The Island Of Misfit Movies: Netflix And The Films No One Wants
For every gem Netflix produces, the streaming service creates a clearinghouse of the worst of the worst.
Editor's note: This month, Zimbio writers and editors are digging deep and exploring the unpopular opinions we feel most passionately about. Our first in the series explores why, contrary to widely-held belief, not everything Netflix touches turns to gold...
There are two certainties in life: Disney will eventually own everything, and Netflix will throw money at anyone with an idea. It's hard to recall a time when Netflix only rented DVDs through the mail, their bright red envelopes giving you access to a video store with nearly unlimited options. Since then, Netflix has transformed into a global streaming giant with the ability to turn any director's pipe dream into a reality. Inarguably, there have been major avenues for success. Netflix recently initiated a romantic-comedy renaissance and has given both women of color and disabled audiences things to watch from Always Be My Maybe to Special. But these are the exception, far from the rule, when it comes to Netflix.
There's a general response I give when I'm told to watch something on Netflix: "How terrible is it?" It's not that every movie on Netflix is bad, it's just that most are actually bad — and there's a reason for it. Netflix changed the model of distribution by helping creators get their movies out there without spending excessive budget on marketing and promotion that often goes hand-in-hand with screenings in a theater. But with a lack of promotion and marketing comes a lack of risk on Netflix's part. They aren't spending any money on the product except acquiring it, so quality doesn't necessarily need to be high.
Yet, the streaming company has cultivated an array of impressive directors from Cary Fukunaga to Martin Scorsese, and fostered new talent that may not have received a chance at success had their films been released in theaters. But it's often easy to see why these movies didn't warrant theatrical releases. Reviews for features like The Cloverfield Paradox, Mute, and Extremely Wicked, Shockingly Evil, and Vile have been mixed to negative. A movie like Bright, David Ayers' fantasy allegory about race relations received some of the most savage reviews a film could obtain yet was still green-lit for a sequel. It's as if Netflix thrives off the controversy of releasing terrible movies, and that doesn't make them arbiters of taste. It just proves that in a landscape where so much content is available, they literally can't lose.
In examining Netflix's features, it's hard to ignore what receives a majority of their attention (and their advertising dollars): white male directors whose films often yield controversy. When Duncan Jones' Mute was released, audiences ravaged the film for its mistreatment of women ⏤ in the movie, a woman is literally killed and stuffed in a refrigerator ⏤ and its subplot involving pedophiles and a small child. Most recently, the horror film The Perfection also included a pedophilia and rape plot line, and spent half its runtime showing steamy (and male gaze-centric) lesbian sex. Movies like Extremely Wicked, Shockingly Evil and Vile and the documentary The Ted Bundy Tapes (both directed by Joe Berlinger) portrayed the serial killer as a charming schemer, which ultimately lead to a bizarre social media discussion about Ted Bundy's attractiveness. Yes, these movies garnered attention from women, but these films espoused a male point-of-view in the hope of capturing male audiences exclusively.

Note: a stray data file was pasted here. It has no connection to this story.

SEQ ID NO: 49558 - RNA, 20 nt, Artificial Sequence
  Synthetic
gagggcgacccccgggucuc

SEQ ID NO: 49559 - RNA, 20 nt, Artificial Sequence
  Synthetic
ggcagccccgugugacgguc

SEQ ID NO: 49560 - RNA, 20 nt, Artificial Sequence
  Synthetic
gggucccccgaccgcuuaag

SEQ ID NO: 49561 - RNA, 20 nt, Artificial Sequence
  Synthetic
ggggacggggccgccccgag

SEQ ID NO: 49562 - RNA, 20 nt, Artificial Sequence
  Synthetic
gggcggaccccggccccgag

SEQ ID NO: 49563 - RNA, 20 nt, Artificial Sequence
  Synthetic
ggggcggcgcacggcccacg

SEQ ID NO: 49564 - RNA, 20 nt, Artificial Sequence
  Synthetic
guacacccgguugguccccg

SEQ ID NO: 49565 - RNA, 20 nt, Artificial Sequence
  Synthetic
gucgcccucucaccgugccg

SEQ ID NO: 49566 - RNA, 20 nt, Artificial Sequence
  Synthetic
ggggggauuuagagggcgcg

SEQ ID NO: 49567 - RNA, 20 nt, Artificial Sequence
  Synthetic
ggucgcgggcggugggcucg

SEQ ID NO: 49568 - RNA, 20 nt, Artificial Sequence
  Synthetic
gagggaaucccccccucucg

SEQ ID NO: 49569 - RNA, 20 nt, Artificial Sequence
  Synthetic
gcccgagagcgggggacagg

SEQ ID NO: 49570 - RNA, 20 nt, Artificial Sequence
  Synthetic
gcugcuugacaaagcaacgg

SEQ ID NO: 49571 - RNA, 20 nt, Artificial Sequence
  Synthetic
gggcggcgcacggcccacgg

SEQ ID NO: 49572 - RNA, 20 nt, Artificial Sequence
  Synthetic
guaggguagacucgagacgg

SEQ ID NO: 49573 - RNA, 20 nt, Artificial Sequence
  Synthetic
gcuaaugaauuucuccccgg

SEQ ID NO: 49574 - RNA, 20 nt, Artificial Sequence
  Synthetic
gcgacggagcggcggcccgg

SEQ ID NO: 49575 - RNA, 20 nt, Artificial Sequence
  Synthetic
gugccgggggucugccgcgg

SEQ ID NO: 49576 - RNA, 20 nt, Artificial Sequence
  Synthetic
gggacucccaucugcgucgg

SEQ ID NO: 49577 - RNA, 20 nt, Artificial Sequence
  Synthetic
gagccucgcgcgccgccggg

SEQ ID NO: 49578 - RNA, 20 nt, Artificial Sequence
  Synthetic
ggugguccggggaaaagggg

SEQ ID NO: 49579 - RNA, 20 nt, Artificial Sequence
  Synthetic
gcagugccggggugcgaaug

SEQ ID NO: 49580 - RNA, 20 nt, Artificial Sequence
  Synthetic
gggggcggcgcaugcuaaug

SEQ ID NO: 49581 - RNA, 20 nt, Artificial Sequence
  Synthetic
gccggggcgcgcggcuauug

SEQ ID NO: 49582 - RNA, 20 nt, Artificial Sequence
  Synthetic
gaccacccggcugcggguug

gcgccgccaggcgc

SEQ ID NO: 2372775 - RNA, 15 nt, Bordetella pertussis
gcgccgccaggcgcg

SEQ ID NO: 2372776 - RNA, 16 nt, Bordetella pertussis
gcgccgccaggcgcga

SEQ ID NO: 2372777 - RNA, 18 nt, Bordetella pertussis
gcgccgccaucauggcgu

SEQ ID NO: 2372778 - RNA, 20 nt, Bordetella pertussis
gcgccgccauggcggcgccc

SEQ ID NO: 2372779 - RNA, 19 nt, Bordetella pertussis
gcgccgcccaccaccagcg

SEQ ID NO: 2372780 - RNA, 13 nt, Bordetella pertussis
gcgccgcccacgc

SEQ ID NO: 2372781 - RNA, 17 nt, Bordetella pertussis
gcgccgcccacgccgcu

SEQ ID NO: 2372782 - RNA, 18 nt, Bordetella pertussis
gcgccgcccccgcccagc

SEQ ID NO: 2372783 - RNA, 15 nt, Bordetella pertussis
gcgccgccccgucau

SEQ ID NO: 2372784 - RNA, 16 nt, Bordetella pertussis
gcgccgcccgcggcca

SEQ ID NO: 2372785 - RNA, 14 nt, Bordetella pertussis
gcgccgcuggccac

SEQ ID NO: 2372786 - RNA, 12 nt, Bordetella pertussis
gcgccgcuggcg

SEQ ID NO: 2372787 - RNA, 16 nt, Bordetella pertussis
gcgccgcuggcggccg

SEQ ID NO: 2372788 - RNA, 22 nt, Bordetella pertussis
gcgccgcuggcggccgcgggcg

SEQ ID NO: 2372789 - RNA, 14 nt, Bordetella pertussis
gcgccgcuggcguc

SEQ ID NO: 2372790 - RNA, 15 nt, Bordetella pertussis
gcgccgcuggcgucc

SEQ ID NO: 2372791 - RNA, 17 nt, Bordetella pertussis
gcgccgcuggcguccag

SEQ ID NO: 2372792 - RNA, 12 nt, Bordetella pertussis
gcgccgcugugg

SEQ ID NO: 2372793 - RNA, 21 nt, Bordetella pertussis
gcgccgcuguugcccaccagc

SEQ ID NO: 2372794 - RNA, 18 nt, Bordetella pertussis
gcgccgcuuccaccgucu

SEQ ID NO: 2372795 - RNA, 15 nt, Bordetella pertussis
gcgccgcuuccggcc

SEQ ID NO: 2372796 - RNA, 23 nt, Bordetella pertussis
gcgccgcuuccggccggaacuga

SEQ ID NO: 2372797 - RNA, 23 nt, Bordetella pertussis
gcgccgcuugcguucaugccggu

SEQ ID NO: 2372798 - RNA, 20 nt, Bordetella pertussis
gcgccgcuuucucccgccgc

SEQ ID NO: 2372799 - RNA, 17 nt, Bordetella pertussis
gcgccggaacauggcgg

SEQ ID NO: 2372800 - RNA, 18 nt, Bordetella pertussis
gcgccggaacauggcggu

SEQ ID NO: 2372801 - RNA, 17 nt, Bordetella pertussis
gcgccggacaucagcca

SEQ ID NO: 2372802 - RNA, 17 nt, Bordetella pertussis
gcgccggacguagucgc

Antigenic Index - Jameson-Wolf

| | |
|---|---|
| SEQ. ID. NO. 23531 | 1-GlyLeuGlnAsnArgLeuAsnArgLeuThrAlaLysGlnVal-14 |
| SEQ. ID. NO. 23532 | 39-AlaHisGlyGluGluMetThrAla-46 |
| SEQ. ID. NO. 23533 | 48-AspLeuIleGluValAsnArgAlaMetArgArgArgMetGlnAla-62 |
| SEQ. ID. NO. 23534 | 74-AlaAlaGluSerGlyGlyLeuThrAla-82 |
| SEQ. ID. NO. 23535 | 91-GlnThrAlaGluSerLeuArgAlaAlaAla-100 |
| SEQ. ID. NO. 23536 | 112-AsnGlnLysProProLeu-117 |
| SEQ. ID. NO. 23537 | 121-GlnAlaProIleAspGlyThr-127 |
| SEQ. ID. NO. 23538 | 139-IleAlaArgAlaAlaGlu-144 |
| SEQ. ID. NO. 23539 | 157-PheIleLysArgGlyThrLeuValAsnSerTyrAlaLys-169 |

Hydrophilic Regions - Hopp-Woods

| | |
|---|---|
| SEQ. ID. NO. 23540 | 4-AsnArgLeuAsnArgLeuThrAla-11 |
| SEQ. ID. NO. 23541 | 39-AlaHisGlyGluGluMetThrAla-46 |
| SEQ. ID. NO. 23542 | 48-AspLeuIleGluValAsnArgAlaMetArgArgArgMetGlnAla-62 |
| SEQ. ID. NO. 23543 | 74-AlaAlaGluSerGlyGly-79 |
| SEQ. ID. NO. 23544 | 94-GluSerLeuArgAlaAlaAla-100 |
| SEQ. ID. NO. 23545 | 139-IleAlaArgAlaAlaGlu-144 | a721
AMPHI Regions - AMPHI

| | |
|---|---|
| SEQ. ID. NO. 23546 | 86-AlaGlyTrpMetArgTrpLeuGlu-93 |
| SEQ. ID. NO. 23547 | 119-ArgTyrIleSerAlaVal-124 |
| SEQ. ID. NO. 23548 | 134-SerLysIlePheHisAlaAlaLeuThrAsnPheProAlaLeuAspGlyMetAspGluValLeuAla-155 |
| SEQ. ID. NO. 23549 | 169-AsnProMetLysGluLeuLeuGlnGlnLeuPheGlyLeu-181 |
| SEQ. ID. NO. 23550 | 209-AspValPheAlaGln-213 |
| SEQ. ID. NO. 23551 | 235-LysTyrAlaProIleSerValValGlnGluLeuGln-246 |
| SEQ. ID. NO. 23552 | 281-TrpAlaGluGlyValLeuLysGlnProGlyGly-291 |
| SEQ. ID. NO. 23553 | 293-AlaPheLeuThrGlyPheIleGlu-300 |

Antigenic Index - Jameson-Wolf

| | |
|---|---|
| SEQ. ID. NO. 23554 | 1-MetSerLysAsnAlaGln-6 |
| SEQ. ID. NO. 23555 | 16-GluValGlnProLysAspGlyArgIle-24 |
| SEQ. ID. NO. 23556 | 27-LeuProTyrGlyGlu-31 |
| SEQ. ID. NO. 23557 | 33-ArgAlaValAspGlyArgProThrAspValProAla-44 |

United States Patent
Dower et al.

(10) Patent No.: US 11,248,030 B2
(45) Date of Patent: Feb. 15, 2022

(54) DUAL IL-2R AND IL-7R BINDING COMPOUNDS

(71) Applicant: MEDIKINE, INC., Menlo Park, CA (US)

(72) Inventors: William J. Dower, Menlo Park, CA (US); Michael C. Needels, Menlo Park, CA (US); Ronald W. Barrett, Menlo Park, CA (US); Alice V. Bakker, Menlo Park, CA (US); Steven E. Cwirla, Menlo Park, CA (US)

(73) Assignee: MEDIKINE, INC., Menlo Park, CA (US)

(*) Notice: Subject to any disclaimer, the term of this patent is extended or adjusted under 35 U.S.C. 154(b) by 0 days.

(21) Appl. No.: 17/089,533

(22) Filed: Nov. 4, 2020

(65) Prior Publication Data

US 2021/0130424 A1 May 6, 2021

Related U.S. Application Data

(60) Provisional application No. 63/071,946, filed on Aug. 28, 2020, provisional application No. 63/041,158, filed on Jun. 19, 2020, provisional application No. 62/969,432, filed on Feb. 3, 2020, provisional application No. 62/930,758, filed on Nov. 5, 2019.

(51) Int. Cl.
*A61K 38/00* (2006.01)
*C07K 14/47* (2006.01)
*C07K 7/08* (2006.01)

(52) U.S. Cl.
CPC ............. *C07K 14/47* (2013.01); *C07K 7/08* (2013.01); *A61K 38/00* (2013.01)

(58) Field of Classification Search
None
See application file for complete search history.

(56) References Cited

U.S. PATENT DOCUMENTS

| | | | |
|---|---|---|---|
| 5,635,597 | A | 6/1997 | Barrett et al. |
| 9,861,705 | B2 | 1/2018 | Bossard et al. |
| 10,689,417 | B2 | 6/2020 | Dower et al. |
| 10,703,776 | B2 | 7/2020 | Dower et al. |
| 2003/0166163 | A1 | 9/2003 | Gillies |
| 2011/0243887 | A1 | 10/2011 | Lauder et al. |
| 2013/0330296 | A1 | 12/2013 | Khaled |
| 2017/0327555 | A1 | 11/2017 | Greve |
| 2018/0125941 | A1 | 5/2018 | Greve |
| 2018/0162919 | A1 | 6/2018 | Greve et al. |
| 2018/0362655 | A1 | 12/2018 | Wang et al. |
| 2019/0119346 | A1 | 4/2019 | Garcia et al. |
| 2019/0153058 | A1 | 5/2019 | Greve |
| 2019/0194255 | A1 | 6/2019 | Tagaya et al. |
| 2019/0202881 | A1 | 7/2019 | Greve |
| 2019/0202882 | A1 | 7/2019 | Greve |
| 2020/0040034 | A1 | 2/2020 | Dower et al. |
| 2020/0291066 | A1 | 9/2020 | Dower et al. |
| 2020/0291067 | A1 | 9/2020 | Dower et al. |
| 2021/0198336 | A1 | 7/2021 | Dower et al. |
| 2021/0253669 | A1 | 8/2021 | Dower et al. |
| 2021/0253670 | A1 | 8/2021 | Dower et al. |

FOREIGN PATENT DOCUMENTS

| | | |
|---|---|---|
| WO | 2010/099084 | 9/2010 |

Netflix has courted controversy with people they employ behind the cameras, too. In 2017, Matt and Ross Duffer, creators of the popular series Stranger Things, coerced a teenage girl into an unscripted kiss. Later, in 2018 they were also accused of verbal abuse of their cast and crew, as well as creating a hostile work environment ⏤ accusations they denied. The feature film Girl recently came under fire after Netflix announced a full frontal nude scene with an underage girl would not be included on the streaming service. It also received criticism from trans writers regarding the casting of a cisgender woman. Then you have Max Landis, the screenwriter of Bright, who has a wealth of accusations against him, ranging from sexual assault to online bullying, stalking, and harassment. Arguably, these concerns are a result of systematic discrepancies on Netflix's part. Let's not forget Danny Masterson, formerly of Netflix's The Ranch, who was accused of sexual assault by multiple women. Netflix initially refrained from kicking Masterson off the series until a Netflix executive was caught openly telling a victim that he didn't believe her allegations against the actor.
These issues are indicative of something more insidious about Netflix and its community: that it's a boy's club catering to male interests. The fact that none of the male directors, actors, or showrunners here received any condemnation from Netflix, and in fact kept their jobs (except for Masterson), is scary. Like a major studio, Netflix desperately protects the men it believes make money, regardless of what they do in their personal life. If Hollywood studios are willing to clean house, Netflix should as well. Sure, some female directors occasionally receive a platform on Netflix, but based on what's green-lit, grabbed up, and distributed, it remains predominately male centric.
All of this leaves a bitter taste in my mouth when it comes to Netflix. The streaming giant is lagging, and it can do better. It's movies will continue to garner wide audiences, though Netflix doesn't release viewership details, so we'll have to take its word about millions tuning in. Change doesn't happen overnight, but it's worth doing a double take before you hit the play button on Netflix. You might just discover something distasteful behind the camera.